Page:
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First Amendment Watch:Why I’m Defending Paula Deen

July 4, 2013

Ah, the First Amendment. The Right to Freedom of Speech. Who knew that you were so complicated? Who knew that the citizens you govern would speak freely, only to have their words turned against them? I am often wary of what I post on this blog for fear what extremists and nitpickers would say. But then I have to remind myself: I have the right to say this. If we are not allowed to voice our opinions, why hasn’t this amendment been repealed?

Paula Deen, sourced from npr.org

I’ve watched as the Paula Deen Story has unfolded in American-and no doubt foreign-press, lamenting the obvious death of the 1st Amendment, the one which I hold most dear (and indeed, the human right I hold most close to my heart). The right to freedom of speech allows one to be truthful; it allows one to express oneself. I am a big fan of honesty and staying true to oneself. And Paula Deen was nothing but honest, even though she could have easily lied and said that she never had used the word in her life, in order to save her Food Empire (although, really, who could have seen all of this coming?)

Paula Deen, who is embroiled in a lawsuit accusing her of using the N-word and being racist toward employees at her restaurant, admitted to using the N-word in the past. Key word: past. Does she use it now? Has anyone heard her use it? Not even Lisa Jackson, her accuser, has heard her use the word. She didn’t recently lash out at a customer, passerby, employee etc. and call them that derogatory word. And even if she has, why is it front-page news? Why does she have to be branded as a social leper because she-gasp!-used a word that every.single.fucking.rapper seems to use in his songs?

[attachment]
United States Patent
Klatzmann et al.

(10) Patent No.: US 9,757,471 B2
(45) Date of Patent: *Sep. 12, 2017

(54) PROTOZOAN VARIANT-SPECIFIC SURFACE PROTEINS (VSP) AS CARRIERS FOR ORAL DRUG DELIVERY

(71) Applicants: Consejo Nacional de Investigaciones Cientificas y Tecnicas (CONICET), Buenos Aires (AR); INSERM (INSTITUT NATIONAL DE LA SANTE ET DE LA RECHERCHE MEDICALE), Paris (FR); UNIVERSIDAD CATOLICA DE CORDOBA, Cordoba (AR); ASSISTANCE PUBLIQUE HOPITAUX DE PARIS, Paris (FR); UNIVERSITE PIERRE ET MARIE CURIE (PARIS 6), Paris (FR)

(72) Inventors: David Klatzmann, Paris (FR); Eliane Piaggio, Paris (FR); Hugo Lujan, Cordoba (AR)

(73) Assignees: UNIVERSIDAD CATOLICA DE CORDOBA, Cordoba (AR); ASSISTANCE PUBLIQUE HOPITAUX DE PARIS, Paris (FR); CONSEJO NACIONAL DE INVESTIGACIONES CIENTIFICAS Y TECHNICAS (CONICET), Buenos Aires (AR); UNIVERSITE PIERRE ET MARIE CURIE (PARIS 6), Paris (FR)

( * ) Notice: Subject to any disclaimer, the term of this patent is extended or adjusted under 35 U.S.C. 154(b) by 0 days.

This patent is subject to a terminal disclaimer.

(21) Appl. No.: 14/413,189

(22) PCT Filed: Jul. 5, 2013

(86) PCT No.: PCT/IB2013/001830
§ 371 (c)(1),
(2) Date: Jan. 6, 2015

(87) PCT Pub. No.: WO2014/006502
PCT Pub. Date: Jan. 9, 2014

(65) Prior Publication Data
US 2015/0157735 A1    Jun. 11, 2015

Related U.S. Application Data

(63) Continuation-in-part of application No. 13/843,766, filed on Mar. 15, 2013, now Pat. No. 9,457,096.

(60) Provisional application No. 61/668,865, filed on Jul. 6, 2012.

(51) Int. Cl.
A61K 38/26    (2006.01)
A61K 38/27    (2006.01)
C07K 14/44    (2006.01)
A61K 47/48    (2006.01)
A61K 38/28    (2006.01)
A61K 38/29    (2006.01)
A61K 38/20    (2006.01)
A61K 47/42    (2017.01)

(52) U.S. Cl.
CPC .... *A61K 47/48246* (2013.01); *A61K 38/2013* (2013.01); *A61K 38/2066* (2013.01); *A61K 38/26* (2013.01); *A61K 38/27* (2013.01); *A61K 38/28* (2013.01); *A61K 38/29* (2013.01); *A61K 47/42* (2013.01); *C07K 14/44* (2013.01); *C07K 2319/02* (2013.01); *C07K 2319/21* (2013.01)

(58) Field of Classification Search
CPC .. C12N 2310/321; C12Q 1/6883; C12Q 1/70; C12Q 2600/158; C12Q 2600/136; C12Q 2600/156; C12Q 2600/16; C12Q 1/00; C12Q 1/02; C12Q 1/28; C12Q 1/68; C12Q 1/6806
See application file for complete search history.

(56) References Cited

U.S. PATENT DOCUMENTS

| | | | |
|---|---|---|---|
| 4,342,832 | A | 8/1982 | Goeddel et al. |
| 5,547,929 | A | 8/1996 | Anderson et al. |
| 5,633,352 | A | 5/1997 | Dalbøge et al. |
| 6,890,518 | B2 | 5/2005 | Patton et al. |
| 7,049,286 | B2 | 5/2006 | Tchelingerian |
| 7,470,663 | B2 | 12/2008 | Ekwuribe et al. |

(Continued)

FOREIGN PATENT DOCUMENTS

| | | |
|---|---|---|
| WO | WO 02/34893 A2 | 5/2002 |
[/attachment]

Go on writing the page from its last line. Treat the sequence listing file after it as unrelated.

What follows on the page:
At my previous job, every single person in the office, besides my boss, used the N-word. Granted, they said it “nigga,” and they were using it in that “oh, he’s my nigga”-i.e., a non-derogatory-way. But none of them were African-American, they were either Dominican or Puerto Rican. Their sentences were liberally peppered with the N-word the way a baby says “mama” over and over again. It made me apoplectic. But no one was going to report them to some human rights watch or Communication Committee.